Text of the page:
Engineering the 7 New Wonders: Christ the Redeemer

First came the 7 ancient wonders, but once their glory faded, the world selected a new group of wonders that stand with unmatched engineering prowess. This is the Christ the Redeemer.

The Christ the Redeemer statue was just recently highlighted in the broadcasting of the 2016 Rio Olympics, but its construction and engineering are a story all their own. Of all of the “New” wonders, this statue is the newest. A religious monument was first proposed in 1850, but the statue that stands today wasn’t built until the 1920s.

Being the largest art deco statue in the world, it reaches to the sky at 98 feet tall. The arms of the statue give it its notable appearance, stretching an almost equal 92 feet out. A 26-foot tall base holds the statue up on the top of Corcovado Mountain in Rio. While it is a massive statue indeed, it is only the 3rd largest statue of Jesus, so why is it a wonder of the world then? The statue is made from reinforced concrete and carved soapstone, coming to a total weight of 700 tons. At a cost of 3.3 million in 2016 dollars, it wasn’t relatively pricey to construct. In terms of construction, it didn’t have any hiccups, nor was it groundbreaking for the time. So, are you still wondering why it is a world wonder? Well, so are many others. 

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The most notable aspect of the sculpture is its perch atop the mountain in Rio and its definitive markings in the Rio skyline. It is certainly an engineering marvel and an architectural masterpiece, but many have struggled with its placement with wonders like Colosseum and the Great Wall of China. Keeping these reservations in mind, it is nonetheless considered one of the new 7 world wonders.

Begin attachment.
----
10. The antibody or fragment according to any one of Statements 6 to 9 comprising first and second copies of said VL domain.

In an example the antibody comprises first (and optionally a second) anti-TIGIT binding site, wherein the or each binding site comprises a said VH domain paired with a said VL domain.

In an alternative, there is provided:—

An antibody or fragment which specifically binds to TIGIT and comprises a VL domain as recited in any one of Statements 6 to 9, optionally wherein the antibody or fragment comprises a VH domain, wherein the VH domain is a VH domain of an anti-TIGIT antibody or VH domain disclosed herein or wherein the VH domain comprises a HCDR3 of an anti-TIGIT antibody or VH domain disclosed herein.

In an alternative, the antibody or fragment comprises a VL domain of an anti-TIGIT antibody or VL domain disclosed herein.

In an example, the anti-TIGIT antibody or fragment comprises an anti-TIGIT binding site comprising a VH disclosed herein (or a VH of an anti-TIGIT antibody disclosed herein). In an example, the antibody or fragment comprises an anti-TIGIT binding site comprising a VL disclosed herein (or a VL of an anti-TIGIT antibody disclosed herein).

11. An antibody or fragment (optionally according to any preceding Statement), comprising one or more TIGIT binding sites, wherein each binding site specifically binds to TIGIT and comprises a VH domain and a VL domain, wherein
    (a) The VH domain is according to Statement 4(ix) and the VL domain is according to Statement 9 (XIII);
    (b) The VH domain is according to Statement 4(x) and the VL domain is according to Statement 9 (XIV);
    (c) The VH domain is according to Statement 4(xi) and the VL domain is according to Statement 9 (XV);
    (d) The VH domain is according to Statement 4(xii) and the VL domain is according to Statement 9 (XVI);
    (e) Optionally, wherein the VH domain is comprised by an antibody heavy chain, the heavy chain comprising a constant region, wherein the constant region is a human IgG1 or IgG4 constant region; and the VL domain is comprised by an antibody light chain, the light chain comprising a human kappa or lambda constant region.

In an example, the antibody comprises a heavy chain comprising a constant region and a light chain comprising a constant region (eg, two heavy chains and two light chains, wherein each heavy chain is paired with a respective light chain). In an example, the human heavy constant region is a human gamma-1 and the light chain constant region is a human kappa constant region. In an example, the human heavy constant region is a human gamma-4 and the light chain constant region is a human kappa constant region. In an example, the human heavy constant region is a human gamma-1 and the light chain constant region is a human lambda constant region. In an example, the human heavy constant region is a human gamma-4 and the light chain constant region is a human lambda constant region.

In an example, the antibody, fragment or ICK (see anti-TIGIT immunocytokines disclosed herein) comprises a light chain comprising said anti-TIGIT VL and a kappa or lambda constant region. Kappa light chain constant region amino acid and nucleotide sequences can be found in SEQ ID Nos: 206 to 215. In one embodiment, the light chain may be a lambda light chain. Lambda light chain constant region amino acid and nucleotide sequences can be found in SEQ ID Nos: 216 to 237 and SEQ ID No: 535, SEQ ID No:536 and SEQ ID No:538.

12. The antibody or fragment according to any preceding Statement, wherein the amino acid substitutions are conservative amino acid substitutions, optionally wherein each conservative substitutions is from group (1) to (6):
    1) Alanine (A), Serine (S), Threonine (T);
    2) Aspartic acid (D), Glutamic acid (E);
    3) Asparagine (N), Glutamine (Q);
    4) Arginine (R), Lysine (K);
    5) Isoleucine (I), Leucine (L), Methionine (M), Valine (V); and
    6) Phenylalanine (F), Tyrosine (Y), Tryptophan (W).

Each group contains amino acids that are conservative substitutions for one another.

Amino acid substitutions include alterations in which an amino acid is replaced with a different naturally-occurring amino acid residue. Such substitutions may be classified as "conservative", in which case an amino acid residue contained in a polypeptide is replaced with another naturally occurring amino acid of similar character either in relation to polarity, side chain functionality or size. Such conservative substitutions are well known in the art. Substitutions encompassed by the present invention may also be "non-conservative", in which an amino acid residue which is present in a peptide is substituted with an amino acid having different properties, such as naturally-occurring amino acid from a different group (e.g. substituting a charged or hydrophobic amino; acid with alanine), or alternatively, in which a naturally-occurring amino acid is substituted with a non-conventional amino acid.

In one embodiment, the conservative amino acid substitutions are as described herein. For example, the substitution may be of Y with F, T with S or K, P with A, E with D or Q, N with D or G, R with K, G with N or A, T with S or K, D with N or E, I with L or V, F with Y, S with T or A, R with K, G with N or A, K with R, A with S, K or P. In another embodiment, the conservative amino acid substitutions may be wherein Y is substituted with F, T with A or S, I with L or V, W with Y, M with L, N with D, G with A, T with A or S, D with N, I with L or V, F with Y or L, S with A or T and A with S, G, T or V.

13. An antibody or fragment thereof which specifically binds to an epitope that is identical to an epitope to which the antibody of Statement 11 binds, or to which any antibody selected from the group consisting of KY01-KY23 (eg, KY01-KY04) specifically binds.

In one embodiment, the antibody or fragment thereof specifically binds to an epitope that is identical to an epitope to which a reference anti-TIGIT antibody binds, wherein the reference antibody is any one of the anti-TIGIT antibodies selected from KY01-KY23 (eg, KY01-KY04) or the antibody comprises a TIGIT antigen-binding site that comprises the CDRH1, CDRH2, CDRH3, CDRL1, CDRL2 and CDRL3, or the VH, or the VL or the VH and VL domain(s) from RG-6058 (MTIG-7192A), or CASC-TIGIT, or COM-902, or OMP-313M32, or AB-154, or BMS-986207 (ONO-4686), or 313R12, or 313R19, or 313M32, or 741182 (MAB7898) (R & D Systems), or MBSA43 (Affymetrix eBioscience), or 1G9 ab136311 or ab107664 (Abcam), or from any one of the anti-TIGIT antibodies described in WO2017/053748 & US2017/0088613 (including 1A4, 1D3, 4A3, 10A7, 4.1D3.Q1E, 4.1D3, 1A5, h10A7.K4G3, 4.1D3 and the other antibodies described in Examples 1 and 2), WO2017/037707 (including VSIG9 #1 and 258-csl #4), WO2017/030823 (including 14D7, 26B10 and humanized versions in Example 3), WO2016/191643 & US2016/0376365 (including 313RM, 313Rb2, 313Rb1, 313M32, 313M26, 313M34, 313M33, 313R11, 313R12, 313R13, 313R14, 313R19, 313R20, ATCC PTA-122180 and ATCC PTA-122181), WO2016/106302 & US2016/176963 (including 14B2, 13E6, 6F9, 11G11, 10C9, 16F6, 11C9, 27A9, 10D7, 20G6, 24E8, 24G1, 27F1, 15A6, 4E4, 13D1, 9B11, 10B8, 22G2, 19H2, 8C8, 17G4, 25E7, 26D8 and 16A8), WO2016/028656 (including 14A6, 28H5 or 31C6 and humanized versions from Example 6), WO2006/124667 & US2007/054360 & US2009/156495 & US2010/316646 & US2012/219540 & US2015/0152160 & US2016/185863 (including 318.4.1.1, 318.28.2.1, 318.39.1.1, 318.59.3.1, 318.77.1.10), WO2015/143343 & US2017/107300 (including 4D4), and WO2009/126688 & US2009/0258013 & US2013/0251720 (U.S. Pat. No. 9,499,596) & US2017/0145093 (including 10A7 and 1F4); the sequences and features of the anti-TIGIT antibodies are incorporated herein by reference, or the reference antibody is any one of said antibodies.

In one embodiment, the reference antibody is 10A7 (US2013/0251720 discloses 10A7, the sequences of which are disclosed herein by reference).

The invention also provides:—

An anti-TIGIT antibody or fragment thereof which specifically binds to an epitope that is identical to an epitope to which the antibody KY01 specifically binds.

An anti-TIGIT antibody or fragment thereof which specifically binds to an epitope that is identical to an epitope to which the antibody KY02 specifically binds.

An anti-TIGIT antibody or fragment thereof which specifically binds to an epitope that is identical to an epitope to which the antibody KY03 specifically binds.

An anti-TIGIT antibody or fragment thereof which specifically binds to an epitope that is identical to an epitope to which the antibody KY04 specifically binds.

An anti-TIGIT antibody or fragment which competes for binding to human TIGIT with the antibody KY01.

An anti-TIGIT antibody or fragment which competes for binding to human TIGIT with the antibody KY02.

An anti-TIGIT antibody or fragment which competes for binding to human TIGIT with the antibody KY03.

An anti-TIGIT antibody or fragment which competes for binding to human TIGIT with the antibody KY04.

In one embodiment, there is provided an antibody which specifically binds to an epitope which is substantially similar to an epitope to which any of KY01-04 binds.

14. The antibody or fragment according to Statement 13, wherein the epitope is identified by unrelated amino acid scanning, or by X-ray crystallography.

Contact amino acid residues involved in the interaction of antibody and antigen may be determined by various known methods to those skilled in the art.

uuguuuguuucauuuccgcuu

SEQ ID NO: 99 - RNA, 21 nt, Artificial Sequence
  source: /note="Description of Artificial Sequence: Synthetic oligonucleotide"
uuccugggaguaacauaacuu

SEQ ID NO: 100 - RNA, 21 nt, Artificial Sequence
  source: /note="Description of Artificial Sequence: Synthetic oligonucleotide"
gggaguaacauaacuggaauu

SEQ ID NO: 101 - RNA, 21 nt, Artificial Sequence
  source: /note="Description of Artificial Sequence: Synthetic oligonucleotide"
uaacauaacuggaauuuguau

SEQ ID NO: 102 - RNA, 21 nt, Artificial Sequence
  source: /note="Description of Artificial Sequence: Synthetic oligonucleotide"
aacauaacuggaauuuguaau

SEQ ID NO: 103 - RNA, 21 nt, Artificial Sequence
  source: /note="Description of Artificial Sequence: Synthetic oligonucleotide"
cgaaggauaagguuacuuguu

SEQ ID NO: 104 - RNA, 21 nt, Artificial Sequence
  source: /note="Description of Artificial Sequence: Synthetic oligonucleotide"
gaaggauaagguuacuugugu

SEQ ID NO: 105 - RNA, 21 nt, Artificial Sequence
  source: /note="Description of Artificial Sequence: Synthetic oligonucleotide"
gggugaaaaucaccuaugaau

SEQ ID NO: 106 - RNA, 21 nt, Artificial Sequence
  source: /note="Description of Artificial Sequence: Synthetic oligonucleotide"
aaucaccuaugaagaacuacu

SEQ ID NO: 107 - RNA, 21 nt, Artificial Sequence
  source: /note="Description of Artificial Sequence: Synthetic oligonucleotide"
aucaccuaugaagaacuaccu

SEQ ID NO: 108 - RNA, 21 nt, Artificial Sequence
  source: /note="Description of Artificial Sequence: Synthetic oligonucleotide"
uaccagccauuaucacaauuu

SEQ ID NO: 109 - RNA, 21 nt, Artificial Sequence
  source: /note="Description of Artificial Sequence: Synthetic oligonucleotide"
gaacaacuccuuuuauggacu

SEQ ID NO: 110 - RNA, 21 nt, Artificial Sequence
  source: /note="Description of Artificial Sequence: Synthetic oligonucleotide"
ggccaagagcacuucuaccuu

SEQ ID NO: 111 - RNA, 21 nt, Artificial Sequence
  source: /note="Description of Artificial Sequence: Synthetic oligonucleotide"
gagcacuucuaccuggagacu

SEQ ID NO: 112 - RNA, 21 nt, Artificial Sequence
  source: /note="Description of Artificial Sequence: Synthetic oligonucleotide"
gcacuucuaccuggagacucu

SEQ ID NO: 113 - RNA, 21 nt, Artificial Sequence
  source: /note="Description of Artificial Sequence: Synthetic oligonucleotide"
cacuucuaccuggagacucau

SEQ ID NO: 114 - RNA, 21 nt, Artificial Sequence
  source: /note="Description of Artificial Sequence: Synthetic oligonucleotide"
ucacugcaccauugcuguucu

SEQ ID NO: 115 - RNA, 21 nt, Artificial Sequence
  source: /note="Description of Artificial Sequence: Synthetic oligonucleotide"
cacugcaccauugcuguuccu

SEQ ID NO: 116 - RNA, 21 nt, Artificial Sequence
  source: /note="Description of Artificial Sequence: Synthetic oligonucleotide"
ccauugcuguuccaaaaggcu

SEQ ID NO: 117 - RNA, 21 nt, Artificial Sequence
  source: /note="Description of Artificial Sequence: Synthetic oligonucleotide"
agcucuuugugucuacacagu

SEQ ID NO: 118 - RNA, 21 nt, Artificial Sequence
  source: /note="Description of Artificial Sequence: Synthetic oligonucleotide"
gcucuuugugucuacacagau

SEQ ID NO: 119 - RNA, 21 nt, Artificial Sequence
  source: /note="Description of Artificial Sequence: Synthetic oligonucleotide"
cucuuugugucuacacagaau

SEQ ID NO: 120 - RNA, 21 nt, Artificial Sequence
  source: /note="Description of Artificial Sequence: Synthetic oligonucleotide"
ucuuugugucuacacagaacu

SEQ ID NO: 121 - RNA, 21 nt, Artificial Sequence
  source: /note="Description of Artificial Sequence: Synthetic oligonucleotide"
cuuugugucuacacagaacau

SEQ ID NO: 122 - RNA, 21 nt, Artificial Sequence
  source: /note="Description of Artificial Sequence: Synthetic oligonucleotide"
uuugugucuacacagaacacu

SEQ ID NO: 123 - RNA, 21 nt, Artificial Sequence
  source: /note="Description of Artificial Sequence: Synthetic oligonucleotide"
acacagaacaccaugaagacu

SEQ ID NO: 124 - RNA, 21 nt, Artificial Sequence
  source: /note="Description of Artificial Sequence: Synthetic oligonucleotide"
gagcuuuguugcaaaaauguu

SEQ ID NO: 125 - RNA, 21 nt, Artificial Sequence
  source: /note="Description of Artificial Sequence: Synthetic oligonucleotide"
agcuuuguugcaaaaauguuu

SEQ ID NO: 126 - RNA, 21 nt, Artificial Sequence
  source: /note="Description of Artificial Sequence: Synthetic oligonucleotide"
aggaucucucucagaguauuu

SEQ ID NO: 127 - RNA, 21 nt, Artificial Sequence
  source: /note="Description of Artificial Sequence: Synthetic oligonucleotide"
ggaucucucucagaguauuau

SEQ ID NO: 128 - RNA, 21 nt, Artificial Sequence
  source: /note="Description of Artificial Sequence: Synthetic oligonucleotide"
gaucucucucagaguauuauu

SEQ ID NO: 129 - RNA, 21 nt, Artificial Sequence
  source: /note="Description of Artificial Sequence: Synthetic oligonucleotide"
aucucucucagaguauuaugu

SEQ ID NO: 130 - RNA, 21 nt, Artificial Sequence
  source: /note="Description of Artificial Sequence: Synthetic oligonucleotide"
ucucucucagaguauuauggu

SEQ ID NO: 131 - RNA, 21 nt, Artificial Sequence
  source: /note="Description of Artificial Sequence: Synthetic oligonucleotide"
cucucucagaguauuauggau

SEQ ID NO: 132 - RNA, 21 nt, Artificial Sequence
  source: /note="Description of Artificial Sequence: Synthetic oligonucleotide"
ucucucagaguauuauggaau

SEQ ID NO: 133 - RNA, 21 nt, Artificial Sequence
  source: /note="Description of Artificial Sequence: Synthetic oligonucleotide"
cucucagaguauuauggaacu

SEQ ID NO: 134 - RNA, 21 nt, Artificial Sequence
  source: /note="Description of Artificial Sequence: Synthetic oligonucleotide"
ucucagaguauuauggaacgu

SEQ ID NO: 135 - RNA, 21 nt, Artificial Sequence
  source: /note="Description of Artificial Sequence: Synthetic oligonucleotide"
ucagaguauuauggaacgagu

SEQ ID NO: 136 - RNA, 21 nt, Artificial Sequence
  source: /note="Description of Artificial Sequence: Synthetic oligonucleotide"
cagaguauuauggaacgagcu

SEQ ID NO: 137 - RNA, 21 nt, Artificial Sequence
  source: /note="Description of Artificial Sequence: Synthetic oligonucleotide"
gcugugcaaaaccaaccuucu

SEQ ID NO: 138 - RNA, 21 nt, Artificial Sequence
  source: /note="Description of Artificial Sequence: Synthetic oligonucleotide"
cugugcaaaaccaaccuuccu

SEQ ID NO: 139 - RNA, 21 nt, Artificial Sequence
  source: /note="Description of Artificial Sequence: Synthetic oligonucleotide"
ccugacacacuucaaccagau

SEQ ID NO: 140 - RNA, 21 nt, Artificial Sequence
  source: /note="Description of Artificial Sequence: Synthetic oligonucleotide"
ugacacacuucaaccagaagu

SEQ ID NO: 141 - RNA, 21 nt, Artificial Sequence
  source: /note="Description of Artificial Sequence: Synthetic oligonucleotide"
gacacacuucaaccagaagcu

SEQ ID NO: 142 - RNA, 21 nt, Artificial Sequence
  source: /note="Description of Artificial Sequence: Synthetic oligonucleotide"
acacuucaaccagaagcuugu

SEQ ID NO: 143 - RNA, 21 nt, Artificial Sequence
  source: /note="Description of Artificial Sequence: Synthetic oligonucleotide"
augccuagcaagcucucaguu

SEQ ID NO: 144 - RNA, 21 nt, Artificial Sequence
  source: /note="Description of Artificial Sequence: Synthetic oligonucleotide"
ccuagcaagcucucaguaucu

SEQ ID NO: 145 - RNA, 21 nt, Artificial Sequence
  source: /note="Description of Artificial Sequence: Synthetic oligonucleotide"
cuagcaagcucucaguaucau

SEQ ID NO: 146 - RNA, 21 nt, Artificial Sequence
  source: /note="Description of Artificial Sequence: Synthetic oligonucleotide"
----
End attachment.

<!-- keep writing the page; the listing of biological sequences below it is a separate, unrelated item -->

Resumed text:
Construction of the statue was completed at the base of the mountain and the individual soapstone parts of the structure were then transported and set into place atop the peak. When designing the structure, engineers opted for a reinforced concrete frame for the potential lifespan in comparison to a steel frame. Soapstone was chosen as the exterior of the structure both because it could be locally sourced and is known to be very durable against the elements. This proved to be a good choice after a lightning strike in 2008 that resulted in minor, but repairable, damage.

As a cultural and religious icon, the Christ the Redeemer statue stands unlike any other. This may be perhaps why it made the list of top 7 new wonders of the world, but there has still been debate. Another aspect that likely contributed to its notoriety is the landscape on which it sits. There is arguably few photos more beautiful than that of christ the redeemer over the Rio waterfront. Over the course of the last 2 decades, local authorities have done both significant restoring work to the statue itself and reinforced the infrastructure surrounding the monument. There are now many modes to visit the statue, even including elevators at the platform atop the mountain.

More recently in 2015, two urban explorers climbed to the top of the statue and took selfies. As engineers, if the structure or machine you designed is selfie worthy, you know you did a good job.

Sources: Soft SchoolsDaily MailVelabasOhfact

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Trevor is a civil engineer by trade and an accomplished internet blogger with a passion for inspiring everyone with new and exciting technologies. He is also a published children’s book author whose most recent book, ZOOM Go the Vehicles, is aimed at inspiring young kids to have an interest in engineering.


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